/** Inform the deadlock detector there is an edge in the wait-for graph. */
void will_wait_for(MDL_wait_for_subgraph *waiting_for_arg) {
    Before starting wait for any resource we need to materialize
    all "fast path" tickets belonging to this thread. Otherwise
    locks acquired which are represented by these tickets won't
    be present in wait-for graph and could cause missed deadlocks.

    It is OK for context which doesn't wait for any resource to
    have "fast path" tickets, as such context can't participate
    in any deadlock.

  m_waiting_for = waiting_for_arg;


It represents the abstract class of an edge in a waiting graph, which is traversed by the deadlock detection algorithm. MDL_ticket is derived from MDL_wait_for_subgraph. The auxiliary detection class looks for the waiting ring along the edge by implementing the accept_visitor() function.


The auxiliary class used to detect the waiting ring in the waiting chart contains the status information during the detection process, such as the starting thread m_start_node for deadlock detection. After a lock is detected in the search process, the victim thread m_victim is selected based on the weight. The thread depth of the search. If the waiting chain of the thread is too long and exceeds the threshold (32 by default), a deadlock occurs even if no deadlock is detected.

Implement the enter_node() and leave_node() functions to enter the next thread node and exit and use inspect_edge() to find out whether the current thread node is already the start node and determine whether it is a ring. The victim is determined by opt_change_victim_to() to compare the deadlock weight of the victim.

  Inspect a wait-for graph edge from one MDL context to another.

  @retval true   A loop is found.
  @retval false  No loop is found.
bool Deadlock_detection_visitor::inspect_edge(MDL_context *node) {
  m_found_deadlock = node == m_start_node;
  return m_found_deadlock;

  Change the deadlock victim to a new one if it has lower deadlock

  @param new_victim New candidate for deadlock victim.
void Deadlock_detection_visitor::opt_change_victim_to(MDL_context *new_victim) {
  if (m_victim == NULL ||
      m_victim->get_deadlock_weight() >= new_victim->get_deadlock_weight()) {
    /* Swap victims, unlock the old one. */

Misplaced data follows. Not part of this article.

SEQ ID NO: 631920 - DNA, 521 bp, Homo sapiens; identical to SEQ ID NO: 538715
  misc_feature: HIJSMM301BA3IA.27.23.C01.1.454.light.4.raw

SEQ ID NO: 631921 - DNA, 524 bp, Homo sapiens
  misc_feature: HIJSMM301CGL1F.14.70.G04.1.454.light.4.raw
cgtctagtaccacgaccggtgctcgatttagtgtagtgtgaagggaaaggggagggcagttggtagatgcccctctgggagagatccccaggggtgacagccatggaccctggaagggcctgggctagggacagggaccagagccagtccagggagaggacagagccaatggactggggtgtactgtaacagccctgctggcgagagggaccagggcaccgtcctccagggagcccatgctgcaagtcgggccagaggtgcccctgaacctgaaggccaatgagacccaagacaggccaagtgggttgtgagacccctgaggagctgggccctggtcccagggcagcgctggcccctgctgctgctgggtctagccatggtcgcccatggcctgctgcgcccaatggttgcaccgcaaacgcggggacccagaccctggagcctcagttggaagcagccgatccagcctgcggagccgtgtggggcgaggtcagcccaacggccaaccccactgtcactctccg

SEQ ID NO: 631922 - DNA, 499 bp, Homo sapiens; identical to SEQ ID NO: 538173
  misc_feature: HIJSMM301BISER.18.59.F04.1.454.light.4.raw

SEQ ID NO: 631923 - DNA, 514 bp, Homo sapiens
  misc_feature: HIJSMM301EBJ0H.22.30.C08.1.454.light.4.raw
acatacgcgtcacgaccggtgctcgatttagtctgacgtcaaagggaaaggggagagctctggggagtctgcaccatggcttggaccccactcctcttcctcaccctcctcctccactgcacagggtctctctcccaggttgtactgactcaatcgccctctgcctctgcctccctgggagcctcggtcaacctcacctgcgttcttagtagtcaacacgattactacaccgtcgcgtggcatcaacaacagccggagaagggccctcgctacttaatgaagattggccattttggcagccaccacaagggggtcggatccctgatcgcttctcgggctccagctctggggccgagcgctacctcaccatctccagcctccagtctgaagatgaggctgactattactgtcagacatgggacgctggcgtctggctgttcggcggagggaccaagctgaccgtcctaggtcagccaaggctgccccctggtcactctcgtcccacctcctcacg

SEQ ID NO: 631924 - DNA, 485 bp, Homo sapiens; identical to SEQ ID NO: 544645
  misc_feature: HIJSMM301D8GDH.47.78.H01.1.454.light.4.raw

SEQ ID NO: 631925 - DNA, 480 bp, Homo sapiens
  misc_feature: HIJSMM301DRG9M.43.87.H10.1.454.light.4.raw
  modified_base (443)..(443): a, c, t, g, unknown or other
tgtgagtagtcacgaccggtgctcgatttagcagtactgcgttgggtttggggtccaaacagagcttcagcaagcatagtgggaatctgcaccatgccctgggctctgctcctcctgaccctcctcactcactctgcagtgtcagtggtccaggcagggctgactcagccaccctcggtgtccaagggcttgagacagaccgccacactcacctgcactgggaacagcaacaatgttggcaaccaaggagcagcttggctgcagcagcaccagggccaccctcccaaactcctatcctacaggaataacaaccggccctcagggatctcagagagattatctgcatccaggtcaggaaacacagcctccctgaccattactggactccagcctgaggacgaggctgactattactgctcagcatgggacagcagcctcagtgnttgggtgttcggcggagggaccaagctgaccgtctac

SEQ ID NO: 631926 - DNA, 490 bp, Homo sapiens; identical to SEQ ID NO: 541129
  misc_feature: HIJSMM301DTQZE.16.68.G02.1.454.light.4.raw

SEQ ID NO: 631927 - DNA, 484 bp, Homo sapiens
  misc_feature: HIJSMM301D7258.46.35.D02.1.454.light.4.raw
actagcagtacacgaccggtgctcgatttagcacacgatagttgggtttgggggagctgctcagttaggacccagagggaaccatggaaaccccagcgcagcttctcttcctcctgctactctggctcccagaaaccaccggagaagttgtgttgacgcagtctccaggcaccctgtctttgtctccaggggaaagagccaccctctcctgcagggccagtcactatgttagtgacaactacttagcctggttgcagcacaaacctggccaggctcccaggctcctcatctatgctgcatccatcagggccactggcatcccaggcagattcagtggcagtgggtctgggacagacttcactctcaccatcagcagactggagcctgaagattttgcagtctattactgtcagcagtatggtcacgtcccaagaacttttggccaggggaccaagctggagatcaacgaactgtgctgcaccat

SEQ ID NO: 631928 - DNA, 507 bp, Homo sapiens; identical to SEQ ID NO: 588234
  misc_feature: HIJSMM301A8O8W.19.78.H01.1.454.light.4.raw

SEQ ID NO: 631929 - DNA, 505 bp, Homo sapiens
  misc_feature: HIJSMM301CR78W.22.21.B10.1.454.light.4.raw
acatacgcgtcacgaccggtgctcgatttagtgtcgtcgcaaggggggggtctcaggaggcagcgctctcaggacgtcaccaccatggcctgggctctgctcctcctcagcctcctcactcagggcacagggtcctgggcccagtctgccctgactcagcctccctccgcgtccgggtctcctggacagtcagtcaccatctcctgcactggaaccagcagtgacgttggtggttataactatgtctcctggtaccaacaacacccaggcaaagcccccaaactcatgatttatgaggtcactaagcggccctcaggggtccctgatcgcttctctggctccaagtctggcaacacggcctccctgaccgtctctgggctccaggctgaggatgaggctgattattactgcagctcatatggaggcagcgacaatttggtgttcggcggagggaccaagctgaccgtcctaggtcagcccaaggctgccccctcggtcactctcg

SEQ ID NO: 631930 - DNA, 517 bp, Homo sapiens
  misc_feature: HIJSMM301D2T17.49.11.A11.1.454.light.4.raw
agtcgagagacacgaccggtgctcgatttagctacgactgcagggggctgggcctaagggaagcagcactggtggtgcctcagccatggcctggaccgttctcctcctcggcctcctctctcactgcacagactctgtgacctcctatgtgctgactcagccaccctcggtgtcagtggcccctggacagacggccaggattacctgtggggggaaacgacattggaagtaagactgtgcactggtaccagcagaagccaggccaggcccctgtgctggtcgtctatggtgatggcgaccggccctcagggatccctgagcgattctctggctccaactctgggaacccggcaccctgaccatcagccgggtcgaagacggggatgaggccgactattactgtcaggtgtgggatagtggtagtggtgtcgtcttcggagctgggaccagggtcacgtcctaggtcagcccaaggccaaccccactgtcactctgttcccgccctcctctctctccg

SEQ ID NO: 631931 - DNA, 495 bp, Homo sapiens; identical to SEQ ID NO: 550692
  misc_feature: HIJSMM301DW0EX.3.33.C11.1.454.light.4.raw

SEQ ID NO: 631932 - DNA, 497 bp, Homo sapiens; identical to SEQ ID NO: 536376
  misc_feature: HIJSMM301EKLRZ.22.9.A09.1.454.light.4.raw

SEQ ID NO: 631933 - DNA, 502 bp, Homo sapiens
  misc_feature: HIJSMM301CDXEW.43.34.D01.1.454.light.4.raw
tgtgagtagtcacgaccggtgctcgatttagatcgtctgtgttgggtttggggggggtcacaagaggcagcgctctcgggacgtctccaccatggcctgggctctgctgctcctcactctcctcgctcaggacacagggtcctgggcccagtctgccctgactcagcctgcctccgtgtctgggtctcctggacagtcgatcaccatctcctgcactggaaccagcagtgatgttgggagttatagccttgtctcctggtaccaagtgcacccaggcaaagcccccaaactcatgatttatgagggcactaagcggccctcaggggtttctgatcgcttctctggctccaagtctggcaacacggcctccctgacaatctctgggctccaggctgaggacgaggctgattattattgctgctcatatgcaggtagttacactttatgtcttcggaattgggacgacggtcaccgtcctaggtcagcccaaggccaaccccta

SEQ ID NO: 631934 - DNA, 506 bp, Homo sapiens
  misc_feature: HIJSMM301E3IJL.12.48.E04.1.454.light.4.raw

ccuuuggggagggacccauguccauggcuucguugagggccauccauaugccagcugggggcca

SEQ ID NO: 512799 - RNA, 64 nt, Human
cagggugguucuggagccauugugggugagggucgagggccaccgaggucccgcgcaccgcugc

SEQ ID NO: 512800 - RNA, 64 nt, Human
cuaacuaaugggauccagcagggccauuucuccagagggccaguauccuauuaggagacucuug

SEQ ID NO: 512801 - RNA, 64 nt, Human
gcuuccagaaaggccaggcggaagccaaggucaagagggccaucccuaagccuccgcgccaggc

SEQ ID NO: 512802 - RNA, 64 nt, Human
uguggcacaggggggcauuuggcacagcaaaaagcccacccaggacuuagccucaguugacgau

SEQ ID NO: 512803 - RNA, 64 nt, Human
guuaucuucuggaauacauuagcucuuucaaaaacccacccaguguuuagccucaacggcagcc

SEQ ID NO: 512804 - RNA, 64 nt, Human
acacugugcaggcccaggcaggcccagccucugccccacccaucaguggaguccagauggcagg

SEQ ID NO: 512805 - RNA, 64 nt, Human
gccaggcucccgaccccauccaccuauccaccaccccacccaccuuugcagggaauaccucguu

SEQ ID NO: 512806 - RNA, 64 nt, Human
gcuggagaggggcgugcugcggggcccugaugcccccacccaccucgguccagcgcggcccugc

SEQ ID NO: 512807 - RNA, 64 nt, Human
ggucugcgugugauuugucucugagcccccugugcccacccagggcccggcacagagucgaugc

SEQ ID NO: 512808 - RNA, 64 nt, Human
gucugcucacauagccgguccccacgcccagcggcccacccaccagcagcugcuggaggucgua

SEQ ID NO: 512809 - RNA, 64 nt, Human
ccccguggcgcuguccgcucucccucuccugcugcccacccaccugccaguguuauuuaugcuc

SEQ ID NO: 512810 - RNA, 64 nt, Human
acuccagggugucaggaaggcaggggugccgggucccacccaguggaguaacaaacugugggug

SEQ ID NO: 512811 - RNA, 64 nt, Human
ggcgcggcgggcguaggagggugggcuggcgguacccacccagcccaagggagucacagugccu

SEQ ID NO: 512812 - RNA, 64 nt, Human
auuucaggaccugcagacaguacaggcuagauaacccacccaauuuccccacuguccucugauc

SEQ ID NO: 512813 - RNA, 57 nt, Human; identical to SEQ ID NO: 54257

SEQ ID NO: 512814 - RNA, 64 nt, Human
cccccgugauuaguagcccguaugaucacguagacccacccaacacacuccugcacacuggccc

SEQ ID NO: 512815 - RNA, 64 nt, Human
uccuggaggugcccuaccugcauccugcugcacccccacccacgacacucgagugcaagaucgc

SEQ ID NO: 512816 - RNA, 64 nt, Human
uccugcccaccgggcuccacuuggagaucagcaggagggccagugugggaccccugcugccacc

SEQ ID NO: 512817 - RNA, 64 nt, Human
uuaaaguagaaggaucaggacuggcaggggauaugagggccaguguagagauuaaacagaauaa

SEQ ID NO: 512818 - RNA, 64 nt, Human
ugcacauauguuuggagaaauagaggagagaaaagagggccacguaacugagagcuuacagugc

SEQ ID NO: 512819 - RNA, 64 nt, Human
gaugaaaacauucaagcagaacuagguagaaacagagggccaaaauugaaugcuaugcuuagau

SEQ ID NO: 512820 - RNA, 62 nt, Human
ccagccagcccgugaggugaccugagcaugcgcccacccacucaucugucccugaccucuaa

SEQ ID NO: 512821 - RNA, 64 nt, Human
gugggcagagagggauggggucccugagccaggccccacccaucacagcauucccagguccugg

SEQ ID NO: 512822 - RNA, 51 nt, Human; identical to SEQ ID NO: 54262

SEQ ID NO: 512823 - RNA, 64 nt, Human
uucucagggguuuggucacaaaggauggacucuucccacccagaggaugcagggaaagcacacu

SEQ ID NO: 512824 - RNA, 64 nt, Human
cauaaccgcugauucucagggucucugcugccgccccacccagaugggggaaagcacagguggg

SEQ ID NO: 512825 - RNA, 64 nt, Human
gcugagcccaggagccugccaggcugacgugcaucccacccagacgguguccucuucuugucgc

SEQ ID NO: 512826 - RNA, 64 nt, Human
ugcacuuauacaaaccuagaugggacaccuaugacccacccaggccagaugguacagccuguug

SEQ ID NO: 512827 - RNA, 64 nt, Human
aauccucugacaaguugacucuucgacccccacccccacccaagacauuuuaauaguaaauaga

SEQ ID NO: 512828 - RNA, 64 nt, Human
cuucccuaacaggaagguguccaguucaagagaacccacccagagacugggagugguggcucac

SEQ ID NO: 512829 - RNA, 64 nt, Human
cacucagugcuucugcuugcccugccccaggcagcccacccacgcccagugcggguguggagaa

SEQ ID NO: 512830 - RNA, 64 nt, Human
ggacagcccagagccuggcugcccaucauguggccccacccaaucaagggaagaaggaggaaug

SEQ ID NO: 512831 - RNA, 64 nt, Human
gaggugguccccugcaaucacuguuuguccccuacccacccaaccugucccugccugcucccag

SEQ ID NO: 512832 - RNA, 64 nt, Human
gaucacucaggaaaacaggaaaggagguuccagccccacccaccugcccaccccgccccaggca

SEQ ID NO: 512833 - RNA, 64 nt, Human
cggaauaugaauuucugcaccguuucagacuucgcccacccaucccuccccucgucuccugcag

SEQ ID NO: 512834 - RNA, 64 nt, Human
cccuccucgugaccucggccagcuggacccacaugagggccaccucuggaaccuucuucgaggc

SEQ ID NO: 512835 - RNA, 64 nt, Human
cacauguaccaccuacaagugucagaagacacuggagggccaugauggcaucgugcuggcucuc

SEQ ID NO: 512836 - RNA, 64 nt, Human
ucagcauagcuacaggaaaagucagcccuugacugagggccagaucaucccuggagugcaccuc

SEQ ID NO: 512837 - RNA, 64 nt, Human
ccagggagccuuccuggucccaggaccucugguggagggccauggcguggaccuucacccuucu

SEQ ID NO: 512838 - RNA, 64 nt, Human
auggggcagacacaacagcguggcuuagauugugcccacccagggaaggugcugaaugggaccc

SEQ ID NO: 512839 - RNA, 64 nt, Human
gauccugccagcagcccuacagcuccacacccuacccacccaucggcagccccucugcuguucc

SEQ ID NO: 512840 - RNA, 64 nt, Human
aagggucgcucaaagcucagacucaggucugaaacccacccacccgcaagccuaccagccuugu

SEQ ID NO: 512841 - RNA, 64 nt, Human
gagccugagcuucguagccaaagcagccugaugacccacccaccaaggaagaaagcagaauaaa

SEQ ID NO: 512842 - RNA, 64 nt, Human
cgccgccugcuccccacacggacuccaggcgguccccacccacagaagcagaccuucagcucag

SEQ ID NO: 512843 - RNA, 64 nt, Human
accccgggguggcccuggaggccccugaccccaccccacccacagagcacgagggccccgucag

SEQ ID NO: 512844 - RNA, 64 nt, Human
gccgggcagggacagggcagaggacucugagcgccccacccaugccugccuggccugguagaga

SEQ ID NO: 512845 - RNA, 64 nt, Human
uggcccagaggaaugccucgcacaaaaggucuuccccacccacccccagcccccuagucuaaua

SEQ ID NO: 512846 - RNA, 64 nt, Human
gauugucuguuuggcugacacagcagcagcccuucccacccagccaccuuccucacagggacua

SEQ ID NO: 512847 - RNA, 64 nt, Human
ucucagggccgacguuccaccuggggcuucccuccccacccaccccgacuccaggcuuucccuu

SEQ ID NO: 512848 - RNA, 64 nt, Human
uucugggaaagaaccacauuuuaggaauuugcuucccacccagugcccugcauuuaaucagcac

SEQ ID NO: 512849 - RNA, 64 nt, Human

MDL_context *tmp = m_victim;
    m_victim = new_victim;
    if (tmp) tmp->unlock_deadlock_victim();

Detection Process

The method of deadlock detection is to take breadth first, start from the lock that the current thread is waiting for, traverse the MDL_lock waiting queue and grant queue, and check whether any locks are not acquired by the current thread and are incompatible with the waiting lock. If this thread is the same as the starting thread traversed by the algorithm, the lock waiting chain has a deadlock. Start from the holding or waiting thread of an incompatible lock. If the thread is also waiting, recursively repeat the preceding process until the waiting starting thread is found. Otherwise, it is determined that there is no deadlock.

The code logic is listed below:

  |--MDL_context::visit_subgraph(MDL_wait_for_graph_visitor *) // If m_waiting_for exists, call the accept_visitor() function of the ticket.
    |--MDL_ticket::accept_visitor(MDL_wait_for_graph_visitor *) // Check the lock acquisition based on the corresponding MDL_lock.
      |--MDL_lock::visit_subgraph() // Recursively traverse the lock grant linked list (m_granted) and wait linked list (m_waiting) to determine whether there is a wait start node (deadlock).
         // Recursively grant the MDL_context of the linked list and the waiting list to find the deadlock.
        |--Deadlock_detection_visitor::enter_node() // Enter the current node first.
        |-- Traverse the granted linked list (m_granted) to determine compatibility.
          |-- If this parameter is not compatible, call Deadlock_detection_visitor::inspect_edge() to determine whether a deadlock occurs.
        |-- Traverse the waiting list (m_waiting), as above.
        |-- Traverse the granted linked list to determine compatibility.
          |--If it is not compatible, recursively call MDL_context::visit_subgraph() to find the connected subgraph. If the ticket that the thread is waiting for already has a clear state and is not WS_EMPTY, it can directly return.
        |-- Traverse the waiting list, as above.
        |--Deadlock_detection_visitor::leave_node() // Leave the current node.
  We do a breadth-first search first -- that is, inspect all
  edges of the current node, and only then follow up to the next
  node. In workloads that involve wait-for graph loops this
  has proven to be a more efficient strategy [citation missing].
while ((ticket = granted_it++)) {
  /* Filter out edges that point to the same node. */
  if (ticket->get_ctx() != src_ctx &&
      ticket->is_incompatible_when_granted(waiting_ticket->get_type()) &&
      gvisitor->inspect_edge(ticket->get_ctx())) {
    goto end_leave_node;
/* Recurse and inspect all adjacent nodes. */
while ((ticket = granted_it++)) {
  if (ticket->get_ctx() != src_ctx &&
      ticket->is_incompatible_when_granted(waiting_ticket->get_type()) &&
      ticket->get_ctx()->visit_subgraph(gvisitor)) {
    goto end_leave_node;

Victim Weight

When an exits along the thread wait chain after a deadlock is detected, it will choose the least weight as the victim based on the weight of each thread waiting ticket. The selected victim will give up the wait and release the lock it holds in the Deadlock_detection_visitor::opt_change_victim_to function.